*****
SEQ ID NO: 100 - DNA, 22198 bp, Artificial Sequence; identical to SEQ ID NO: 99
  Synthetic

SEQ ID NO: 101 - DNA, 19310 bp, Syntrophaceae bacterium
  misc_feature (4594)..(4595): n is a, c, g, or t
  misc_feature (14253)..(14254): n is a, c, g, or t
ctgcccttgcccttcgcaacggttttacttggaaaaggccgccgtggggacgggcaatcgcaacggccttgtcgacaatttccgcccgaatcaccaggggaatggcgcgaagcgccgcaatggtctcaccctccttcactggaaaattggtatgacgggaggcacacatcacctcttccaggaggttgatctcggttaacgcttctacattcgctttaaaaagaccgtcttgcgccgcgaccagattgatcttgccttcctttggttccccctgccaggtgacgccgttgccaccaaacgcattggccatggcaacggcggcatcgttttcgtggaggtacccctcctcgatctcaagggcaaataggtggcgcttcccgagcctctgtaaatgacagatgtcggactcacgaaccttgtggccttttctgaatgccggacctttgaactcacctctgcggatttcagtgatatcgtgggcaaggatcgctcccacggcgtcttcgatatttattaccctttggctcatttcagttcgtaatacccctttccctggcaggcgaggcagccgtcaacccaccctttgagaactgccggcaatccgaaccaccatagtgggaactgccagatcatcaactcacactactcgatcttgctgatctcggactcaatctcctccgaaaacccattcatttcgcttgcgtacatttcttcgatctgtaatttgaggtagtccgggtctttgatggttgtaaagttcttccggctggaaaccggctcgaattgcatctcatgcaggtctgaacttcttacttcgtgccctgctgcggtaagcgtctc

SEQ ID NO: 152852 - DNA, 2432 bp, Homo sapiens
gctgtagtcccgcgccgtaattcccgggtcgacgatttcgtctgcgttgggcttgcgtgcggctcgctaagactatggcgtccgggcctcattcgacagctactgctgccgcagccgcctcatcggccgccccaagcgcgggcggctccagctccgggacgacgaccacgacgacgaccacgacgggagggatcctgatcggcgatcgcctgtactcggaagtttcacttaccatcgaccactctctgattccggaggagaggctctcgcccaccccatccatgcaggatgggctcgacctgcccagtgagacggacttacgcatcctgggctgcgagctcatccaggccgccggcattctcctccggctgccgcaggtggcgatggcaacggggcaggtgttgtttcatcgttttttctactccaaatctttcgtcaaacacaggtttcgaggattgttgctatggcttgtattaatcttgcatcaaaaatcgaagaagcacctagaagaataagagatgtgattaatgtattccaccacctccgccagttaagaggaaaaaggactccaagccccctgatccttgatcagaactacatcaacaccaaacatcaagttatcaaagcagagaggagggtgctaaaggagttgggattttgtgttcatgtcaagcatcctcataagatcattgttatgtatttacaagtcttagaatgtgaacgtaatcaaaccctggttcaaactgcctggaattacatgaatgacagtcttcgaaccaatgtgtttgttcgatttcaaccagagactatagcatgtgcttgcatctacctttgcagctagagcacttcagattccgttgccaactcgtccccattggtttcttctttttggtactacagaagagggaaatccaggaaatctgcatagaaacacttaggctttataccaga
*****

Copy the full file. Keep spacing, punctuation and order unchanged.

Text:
SEQ ID NO: 100 - DNA, 22198 bp, Artificial Sequence; identical to SEQ ID NO: 99
  Synthetic

SEQ ID NO: 101 - DNA, 19310 bp, Syntrophaceae bacterium
  misc_feature (4594)..(4595): n is a, c, g, or t
  misc_feature (14253)..(14254): n is a, c, g, or t
ctgcccttgcccttcgcaacggttttacttggaaaaggccgccgtggggacgggcaatcgcaacggccttgtcgacaatttccgcccgaatcaccaggggaatggcgcgaagcgccgcaatggtctcaccctccttcactggaaaattggtatgacgggaggcacacatcacctcttccaggaggttgatctcggttaacgcttctacattcgctttaaaaagaccgtcttgcgccgcgaccagattgatcttgccttcctttggttccccctgccaggtgacgccgttgccaccaaacgcattggccatggcaacggcggcatcgttttcgtggaggtacccctcctcgatctcaagggcaaataggtggcgcttcccgagcctctgtaaatgacagatgtcggactcacgaaccttgtggccttttctgaatgccggacctttgaactcacctctgcggatttcagtgatatcgtgggcaaggatcgctcccacggcgtcttcgatatttattaccctttggctcatttcagttcgtaatacccctttccctggcaggcgaggcagccgtcaacccaccctttgagaactgccggcaatccgaaccaccatagtgggaactgccagatcatcaactcacactactcgatcttgctgatctcggactcaatctcctccgaaaacccattcatttcgcttgcgtacatttcttcgatctgtaatttgaggtagtccgggtctttgatggttgtaaagttcttccggctggaaaccggctcgaattgcatctcatgcaggtctgaacttcttacttcgtgccctgctgcggtaagcgtctc

SEQ ID NO: 152852 - DNA, 2432 bp, Homo sapiens
gctgtagtcccgcgccgtaattcccgggtcgacgatttcgtctgcgttgggcttgcgtgcggctcgctaagactatggcgtccgggcctcattcgacagctactgctgccgcagccgcctcatcggccgccccaagcgcgggcggctccagctccgggacgacgaccacgacgacgaccacgacgggagggatcctgatcggcgatcgcctgtactcggaagtttcacttaccatcgaccactctctgattccggaggagaggctctcgcccaccccatccatgcaggatgggctcgacctgcccagtgagacggacttacgcatcctgggctgcgagctcatccaggccgccggcattctcctccggctgccgcaggtggcgatggcaacggggcaggtgttgtttcatcgttttttctactccaaatctttcgtcaaacacaggtttcgaggattgttgctatggcttgtattaatcttgcatcaaaaatcgaagaagcacctagaagaataagagatgtgattaatgtattccaccacctccgccagttaagaggaaaaaggactccaagccccctgatccttgatcagaactacatcaacaccaaacatcaagttatcaaagcagagaggagggtgctaaaggagttgggattttgtgttcatgtcaagcatcctcataagatcattgttatgtatttacaagtcttagaatgtgaacgtaatcaaaccctggttcaaactgcctggaattacatgaatgacagtcttcgaaccaatgtgtttgttcgatttcaaccagagactatagcatgtgcttgcatctacctttgcagctagagcacttcagattccgttgccaactcgtccccattggtttcttctttttggtactacagaagagggaaatccaggaaatctgcatagaaacacttaggctttataccaga